Which is Easier to Say?

“Which is easier, to say to the paralytic, ‘Your sins are forgiven,’ or to say, ‘Rise, take up your bed and walk’?” 

Mark 2:9

In a well-known incident recorded in Mark 2:1-12, Jesus healed a paralysed man who had just been lowered through the roof of a house that Jesus was preaching in. Lots of details of this story are interesting. Personally I want to know what the reaction of the home owner was. I suspect that he wanted to know who was going to fix his roof. But the crowd was surely more interested to know whether or not Jesus would heal the man (cf. Mark 1:44-45).

None of these questions are addressed in the passage – at least not at first. We don’t hear about Jesus’ reaction to seeing the hole in the roof, but only that he saw the faith of those who had lowered their friend through it. They firmly believed that Jesus could meet their friend’s great need. In response to that faith, Jesus gave the man the extraordinary blessing that all Christians receive by faith. Jesus promised him: “your sins are forgiven” (Mark 2:5).

The religious teachers in the room all thought this was highly blasphemous. Surely forgiving sins is God’s job alone! Only God can promise that someone’s sins will never be brought to account on the Day of Judgement (Mark 2:7).

Jesus’ response was to challenge them with a question: “Which is easier, to say to the paralytic, ‘Your sins are forgiven,’ or to say, ‘Rise, take up your bed and walk’?” (Mark 2:9)

Jesus quickly moved on to make his main point, which was that he could indeed offer forgiveness of sins. The problem in this situation was that forgiveness is an invisible action. There was no obvious way to tell whether Jesus’ words were effective, or else a blasphemous lie from one presuming to do God’s job for him. So Jesus healed the man visibly to prove that his invisible act of forgiving sins was also effective. Logically it would have been impossible for Jesus to blaspheme God in one moment and then heal with God’s power in the next. Jesus’ healing therefore demonstrated that he had authority from God to do both acts, healing and forgiveness alike.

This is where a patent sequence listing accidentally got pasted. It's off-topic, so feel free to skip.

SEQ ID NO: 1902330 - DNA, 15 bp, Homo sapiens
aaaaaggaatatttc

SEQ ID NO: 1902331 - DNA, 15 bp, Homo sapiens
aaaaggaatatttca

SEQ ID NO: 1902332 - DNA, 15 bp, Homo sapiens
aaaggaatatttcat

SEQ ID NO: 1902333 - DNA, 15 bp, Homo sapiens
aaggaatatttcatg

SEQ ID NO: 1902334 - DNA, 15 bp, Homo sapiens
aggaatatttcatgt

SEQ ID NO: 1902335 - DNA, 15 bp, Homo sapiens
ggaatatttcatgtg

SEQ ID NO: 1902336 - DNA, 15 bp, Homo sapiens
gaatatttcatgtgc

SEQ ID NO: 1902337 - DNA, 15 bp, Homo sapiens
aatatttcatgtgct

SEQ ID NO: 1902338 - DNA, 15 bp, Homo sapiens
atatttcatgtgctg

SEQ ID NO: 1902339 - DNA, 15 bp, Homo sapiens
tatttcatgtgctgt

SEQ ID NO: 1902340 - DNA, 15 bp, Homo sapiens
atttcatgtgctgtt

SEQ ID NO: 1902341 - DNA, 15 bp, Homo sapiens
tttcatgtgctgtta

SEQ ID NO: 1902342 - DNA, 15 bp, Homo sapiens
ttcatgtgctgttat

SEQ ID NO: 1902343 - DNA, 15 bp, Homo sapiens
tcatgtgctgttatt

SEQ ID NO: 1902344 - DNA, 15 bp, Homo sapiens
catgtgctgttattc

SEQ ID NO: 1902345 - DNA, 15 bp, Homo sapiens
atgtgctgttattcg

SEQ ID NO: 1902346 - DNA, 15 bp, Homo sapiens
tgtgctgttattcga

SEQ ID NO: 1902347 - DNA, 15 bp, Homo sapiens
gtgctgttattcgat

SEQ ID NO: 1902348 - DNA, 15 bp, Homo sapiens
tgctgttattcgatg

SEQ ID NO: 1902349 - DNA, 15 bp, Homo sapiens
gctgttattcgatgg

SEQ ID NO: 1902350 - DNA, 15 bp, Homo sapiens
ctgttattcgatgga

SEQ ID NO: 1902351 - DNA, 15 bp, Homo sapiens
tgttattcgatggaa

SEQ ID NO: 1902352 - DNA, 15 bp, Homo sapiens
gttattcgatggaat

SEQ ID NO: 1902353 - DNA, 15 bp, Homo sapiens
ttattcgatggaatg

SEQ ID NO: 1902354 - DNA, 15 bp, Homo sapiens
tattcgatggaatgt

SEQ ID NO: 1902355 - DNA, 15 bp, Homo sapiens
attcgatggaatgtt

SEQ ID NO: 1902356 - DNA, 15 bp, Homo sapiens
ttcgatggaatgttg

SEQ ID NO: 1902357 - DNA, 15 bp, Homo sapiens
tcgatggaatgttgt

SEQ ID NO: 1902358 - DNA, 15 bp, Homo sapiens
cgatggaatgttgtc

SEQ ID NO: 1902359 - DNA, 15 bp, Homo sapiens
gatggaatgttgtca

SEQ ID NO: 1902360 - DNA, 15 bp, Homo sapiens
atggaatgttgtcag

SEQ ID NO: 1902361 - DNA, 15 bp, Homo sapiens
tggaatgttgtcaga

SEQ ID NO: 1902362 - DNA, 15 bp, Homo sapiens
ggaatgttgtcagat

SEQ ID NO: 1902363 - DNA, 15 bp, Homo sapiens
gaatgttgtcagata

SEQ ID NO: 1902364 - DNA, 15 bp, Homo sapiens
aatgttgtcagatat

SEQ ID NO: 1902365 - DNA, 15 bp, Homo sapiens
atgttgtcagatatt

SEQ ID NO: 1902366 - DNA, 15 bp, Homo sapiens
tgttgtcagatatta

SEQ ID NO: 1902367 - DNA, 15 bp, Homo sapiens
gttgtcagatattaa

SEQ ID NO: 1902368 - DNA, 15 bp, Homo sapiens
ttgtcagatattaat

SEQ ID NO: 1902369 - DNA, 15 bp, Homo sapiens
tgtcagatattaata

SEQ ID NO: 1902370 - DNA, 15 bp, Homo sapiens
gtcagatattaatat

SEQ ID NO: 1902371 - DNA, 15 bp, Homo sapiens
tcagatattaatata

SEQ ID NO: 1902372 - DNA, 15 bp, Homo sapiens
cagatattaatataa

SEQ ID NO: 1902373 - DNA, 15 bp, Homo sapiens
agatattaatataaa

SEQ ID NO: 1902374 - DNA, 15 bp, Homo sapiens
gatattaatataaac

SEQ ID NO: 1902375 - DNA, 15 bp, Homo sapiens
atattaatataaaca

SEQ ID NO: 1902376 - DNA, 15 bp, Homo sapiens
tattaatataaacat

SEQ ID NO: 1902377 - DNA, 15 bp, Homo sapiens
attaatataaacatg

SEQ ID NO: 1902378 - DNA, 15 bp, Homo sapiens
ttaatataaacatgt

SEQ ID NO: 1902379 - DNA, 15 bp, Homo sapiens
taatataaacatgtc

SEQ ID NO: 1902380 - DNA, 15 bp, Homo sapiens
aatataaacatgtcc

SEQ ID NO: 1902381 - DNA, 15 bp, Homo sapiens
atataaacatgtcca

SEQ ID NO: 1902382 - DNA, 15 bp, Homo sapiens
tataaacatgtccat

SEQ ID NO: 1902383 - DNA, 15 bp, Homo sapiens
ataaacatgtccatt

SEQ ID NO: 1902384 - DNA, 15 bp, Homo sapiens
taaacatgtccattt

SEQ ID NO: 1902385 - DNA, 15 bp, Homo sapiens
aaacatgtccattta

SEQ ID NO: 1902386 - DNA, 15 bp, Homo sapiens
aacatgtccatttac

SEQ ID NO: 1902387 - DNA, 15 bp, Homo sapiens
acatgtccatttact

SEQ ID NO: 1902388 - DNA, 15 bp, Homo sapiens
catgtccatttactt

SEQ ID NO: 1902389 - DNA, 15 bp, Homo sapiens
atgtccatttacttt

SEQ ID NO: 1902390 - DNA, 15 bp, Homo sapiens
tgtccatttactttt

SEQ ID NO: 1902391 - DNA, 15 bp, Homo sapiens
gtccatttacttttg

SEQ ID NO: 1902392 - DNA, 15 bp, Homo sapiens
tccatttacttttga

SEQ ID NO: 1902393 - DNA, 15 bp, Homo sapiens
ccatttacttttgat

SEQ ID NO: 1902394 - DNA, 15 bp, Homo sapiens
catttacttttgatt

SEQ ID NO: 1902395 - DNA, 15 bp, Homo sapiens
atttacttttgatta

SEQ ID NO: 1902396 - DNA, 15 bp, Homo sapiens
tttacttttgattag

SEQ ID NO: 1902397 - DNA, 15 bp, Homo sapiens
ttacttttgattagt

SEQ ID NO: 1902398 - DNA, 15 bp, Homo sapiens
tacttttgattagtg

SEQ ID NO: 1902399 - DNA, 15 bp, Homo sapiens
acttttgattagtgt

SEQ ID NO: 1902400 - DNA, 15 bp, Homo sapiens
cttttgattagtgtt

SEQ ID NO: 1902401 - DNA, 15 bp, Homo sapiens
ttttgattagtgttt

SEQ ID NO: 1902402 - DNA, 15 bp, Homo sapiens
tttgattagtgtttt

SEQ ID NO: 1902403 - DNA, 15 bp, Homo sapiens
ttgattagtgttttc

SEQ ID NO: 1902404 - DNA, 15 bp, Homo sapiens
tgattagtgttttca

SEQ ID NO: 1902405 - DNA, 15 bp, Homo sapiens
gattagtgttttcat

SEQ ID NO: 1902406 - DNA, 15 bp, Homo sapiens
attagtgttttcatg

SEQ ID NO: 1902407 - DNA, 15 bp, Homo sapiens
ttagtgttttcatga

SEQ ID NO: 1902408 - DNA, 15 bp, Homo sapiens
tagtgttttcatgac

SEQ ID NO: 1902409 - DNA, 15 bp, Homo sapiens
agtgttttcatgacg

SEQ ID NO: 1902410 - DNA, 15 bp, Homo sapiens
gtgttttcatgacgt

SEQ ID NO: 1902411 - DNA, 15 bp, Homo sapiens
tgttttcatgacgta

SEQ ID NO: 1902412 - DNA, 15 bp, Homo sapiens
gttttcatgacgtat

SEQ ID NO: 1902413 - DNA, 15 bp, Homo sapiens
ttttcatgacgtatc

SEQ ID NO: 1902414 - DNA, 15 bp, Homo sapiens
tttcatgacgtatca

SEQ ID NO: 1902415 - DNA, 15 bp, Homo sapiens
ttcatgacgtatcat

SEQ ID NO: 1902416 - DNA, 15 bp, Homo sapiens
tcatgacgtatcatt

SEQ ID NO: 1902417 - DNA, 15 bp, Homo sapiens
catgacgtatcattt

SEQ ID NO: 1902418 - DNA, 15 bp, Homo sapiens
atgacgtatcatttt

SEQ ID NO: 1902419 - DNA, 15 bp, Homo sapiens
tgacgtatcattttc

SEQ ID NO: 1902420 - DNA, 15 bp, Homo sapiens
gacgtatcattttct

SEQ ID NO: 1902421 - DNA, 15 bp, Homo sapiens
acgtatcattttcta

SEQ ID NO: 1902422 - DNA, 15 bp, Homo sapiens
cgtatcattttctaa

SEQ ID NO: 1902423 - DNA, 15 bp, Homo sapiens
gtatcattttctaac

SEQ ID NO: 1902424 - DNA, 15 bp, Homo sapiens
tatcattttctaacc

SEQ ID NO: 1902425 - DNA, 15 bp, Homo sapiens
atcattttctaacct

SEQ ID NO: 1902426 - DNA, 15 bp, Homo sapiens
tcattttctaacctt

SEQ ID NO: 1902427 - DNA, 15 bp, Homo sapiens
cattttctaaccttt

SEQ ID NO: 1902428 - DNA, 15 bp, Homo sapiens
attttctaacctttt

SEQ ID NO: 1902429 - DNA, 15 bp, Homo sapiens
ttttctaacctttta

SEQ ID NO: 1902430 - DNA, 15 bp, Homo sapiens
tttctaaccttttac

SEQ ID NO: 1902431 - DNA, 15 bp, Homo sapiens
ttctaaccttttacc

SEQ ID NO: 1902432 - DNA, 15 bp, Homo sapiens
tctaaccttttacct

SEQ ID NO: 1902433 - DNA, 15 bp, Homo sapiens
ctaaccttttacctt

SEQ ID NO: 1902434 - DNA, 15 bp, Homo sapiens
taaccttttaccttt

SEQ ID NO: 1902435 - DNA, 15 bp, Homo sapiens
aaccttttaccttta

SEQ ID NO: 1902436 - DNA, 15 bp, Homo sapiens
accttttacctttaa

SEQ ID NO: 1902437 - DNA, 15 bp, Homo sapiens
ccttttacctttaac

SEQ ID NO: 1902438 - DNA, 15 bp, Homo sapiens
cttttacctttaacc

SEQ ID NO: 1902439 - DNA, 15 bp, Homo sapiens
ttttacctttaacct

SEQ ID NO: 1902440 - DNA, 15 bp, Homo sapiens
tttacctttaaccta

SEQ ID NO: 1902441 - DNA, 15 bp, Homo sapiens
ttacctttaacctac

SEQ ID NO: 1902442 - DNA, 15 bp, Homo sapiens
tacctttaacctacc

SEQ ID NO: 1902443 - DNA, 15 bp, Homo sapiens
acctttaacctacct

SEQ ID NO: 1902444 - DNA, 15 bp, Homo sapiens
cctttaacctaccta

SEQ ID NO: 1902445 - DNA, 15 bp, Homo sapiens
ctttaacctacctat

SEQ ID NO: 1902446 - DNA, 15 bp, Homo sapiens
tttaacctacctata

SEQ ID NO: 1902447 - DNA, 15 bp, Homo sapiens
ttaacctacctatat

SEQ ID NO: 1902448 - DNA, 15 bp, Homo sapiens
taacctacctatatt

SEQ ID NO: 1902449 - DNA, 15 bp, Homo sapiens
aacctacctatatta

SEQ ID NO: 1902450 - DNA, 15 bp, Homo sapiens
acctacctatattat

But Which is Easier?

But what’s the answer to Jesus’ question? Which is easier to say?

It’s an excellent youth-group or Bible study question. Get people to choose a side and argue their case. On the one hand, miraculous healings are impossible for us. It’s easier for us to say anything rather than actually heal someone. But on the other hand, Christians know that forgiveness of sins before a just and holy God was a far more significant undertaking than any miracle ever was. God effortlessly parted the Red Sea for Israel to escape Egypt, but it took nothing less than the death of God’s Son to achieve the forgiveness of sins (Hebrews 10:10-14). The fact is that it was far easier for Jesus to heal the man than it was to forgive him.

This isn’t only true because of the cross. It is also true because of who was watching.

We are naturally concerned with appearances. As we read this incident we tend to be keenly aware of how enormous a fool Jesus would have looked if he had publicly ordered a paralysed man to walk, and nothing had happened. He would lose face in front of the crowd. His detractors would have scorned and ridiculed him. Few of us would dare invite that kind of reaction by promising a healing. So, if forced to choose, we would have to say it is easier to say: “your sins are forgiven”. After all, who can really know for sure?

But that’s atheist logic. Jesus was keenly aware that the most important gaze upon him on that day was not that of the crowd, but that of God his Father. It is one thing to look a fool in front of a crowd. It is another thing entirely to offend God. Jesus’ career was marked by living before the sight of God his Father (Hebrews 10:7). He would endure whatever shame the crowds might throw at him for the sake of pleasing his Father (Hebrews 12:2). It is clear that the criteria against which Jesus considered what was ‘easier to say’ was what God thought of his actions, not what people thought. Risking upsetting human beings is a small matter compared to disobeying God.

All of us will give an account of our words and deeds to God (Hebrews 4:13). Like Jesus, we must be concerned with God’s evaluation of our conduct rather than how other people might judge us. It is far better to look a fool in the eyes of the world than in the eyes of God.